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Northern Peninsula Iceberg Festival trying to get more participation from more communities

The tip of the iceberg

GREAT NORTHERN PENINSULA, N.L. – The 11th Annual Iceberg Festival underwent a rebranding this year.
Covering the tip of the Viking Trail, from around Bird Cove to L’Anse aux Meadows to Englee, organizers of the June 7 to 16, 2019 event wanted to generate more interest across the vast landscape.
First-time coordinator Jeff Patey says they wanted to involve more communities from the Straits – including Flower’s Cove, Anchor Point, Bird Cove, and others – and the Northern Peninsula East, taking in Roddickton-Bide Arm, Englee, Conche, and others.
He feels, in recent years, the festival focused too strongly on St. Anthony and L’Anse aux Meadows.
Residents in some of these other communities may not even have realized their town is a participant in the festival.
“A lot of people don’t know where it is and why it is,” Patey told The Northern Pen. “The issue was to try to rebrand it so that locals know what it’s all about, and know that it’s in their area, and to try and get more involvement from other areas.”
They added new featured events, ongoing across the 10 days, and incorporated those communities.
This year, they included the Rock Art Hunt, started in 2018 by the St. Anthony Public Library, and expanded its scope.
Some 200 rocks were painted by both local youth and adults and were hidden throughout communities in four different areas on the Northern Peninsula: St. Anthony, St. Lunaire-Griquet, Northern Peninsula East and the Straits areas.
For each, one rock was drawn as a winner. Whoever finds the rock, along with whoever painted it, are awarded a prize.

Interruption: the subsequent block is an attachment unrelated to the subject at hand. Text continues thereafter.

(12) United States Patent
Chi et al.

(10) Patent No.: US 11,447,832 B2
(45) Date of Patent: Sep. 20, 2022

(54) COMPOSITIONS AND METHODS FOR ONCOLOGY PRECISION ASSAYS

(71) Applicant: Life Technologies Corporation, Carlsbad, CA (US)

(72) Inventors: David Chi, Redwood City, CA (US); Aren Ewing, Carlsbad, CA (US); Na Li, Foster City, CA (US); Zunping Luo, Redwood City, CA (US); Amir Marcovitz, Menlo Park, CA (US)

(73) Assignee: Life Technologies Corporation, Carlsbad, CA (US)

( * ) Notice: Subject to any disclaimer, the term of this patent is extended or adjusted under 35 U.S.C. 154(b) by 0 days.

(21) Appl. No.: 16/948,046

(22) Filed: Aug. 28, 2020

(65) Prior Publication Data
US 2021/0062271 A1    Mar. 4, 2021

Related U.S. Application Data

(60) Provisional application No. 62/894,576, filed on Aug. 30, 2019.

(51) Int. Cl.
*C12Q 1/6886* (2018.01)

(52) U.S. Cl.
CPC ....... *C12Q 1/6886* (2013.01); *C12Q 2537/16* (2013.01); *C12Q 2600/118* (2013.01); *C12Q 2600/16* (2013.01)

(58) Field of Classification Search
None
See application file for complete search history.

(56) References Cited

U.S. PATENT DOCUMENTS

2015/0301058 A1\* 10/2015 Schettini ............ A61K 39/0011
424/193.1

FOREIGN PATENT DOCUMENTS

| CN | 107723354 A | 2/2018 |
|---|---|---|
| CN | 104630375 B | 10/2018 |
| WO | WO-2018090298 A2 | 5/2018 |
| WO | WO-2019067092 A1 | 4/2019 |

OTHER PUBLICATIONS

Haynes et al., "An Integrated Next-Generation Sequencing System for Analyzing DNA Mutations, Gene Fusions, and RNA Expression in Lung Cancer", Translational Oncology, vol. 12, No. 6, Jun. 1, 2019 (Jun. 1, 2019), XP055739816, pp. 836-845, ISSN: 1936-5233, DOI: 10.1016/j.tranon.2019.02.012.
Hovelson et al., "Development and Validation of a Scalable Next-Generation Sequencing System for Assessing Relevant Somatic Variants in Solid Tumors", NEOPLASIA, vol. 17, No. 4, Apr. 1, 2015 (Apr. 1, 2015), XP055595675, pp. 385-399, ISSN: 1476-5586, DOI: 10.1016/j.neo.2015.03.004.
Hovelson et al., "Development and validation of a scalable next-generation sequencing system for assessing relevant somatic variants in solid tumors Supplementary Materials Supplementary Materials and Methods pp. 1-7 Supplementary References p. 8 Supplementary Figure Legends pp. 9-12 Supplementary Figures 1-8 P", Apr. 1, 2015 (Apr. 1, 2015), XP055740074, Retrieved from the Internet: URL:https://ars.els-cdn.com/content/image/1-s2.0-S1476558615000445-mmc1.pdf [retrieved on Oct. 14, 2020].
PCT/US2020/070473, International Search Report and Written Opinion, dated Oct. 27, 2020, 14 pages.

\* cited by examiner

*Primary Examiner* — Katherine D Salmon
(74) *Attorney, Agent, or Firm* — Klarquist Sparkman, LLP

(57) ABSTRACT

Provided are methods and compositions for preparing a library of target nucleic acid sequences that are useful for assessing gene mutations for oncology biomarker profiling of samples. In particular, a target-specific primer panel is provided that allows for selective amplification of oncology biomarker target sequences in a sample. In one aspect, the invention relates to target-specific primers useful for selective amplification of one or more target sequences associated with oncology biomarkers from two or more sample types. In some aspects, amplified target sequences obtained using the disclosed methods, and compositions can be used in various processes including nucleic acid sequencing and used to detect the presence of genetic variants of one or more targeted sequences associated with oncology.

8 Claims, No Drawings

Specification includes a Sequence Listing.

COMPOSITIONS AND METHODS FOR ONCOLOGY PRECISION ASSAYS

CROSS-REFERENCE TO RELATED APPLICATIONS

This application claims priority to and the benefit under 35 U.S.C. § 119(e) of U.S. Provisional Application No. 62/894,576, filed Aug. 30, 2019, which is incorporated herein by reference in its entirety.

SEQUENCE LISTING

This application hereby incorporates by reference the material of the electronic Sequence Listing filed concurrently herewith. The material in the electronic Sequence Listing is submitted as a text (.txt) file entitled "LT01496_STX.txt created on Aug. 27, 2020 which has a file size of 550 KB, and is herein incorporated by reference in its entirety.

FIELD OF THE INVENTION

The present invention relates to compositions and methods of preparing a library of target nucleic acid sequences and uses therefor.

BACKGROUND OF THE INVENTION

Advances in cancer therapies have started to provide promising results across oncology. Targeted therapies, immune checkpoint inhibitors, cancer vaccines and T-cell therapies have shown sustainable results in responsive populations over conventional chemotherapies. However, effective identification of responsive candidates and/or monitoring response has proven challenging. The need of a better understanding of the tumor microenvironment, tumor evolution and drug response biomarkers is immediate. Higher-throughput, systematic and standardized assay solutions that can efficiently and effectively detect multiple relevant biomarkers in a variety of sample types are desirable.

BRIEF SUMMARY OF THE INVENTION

Meanwhile, the Iceberg Explorer Challenge tried to encourage hiking throughout the tip of the Viking Trail.
For this event, the Iceberg Festival Committee selected 10 hiking trails for participants to complete, including ones in Conche, Flower’s Cove and Roddickton-Bide Arm.
Before starting out, each participant is given a passport card. They have to find a punch at each trail and punch the card to show they’ve completed the trail. 
Once they've completed eight trails, they can submit their card and be placed in a prize draw.
Another new event to incorporate the whole area was the Fish N Chips Challenge. This year saw 11 different restaurants compete to see who made the best fish and chips.
An overall customer rating determines the winner, who is announced following the festival.
Outside of the St. Anthony and St. Lunaire-Griquet areas, however, only L&E Restaurant in Flower’s Cove competed in the inaugural event.
Patey says it’s unfortunate they weren’t able to involve more restaurants from the Straits or Northern Peninsula East, but he was pleased to see how invested participating restaurants had become in the contest.

Icebergs are the stars
The Iceberg Festival is held each year to draw tourists to the Viking Trail during the “shoulder season” between spring and summer. 
But, as its very name suggests, it is also to celebrate the arrival of icebergs off the coast of the Northern Peninsula.
Iceberg Finder listed 64 icebergs off the peninsula's shores.
One large berg appeared during the festival near Englee, while others populated the L’Anse aux Meadows area.
In St. Anthony, icebergs could be seen off in the distance, but few were seen near the harbour.
Jeff Patey, Iceberg Festival coordinator, says this would have been good for tour operators, however. Tourists visiting St. Anthony, who wished to view the bergs, needed the tour to see them up close.

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1 being least likely, and 10 being most likely

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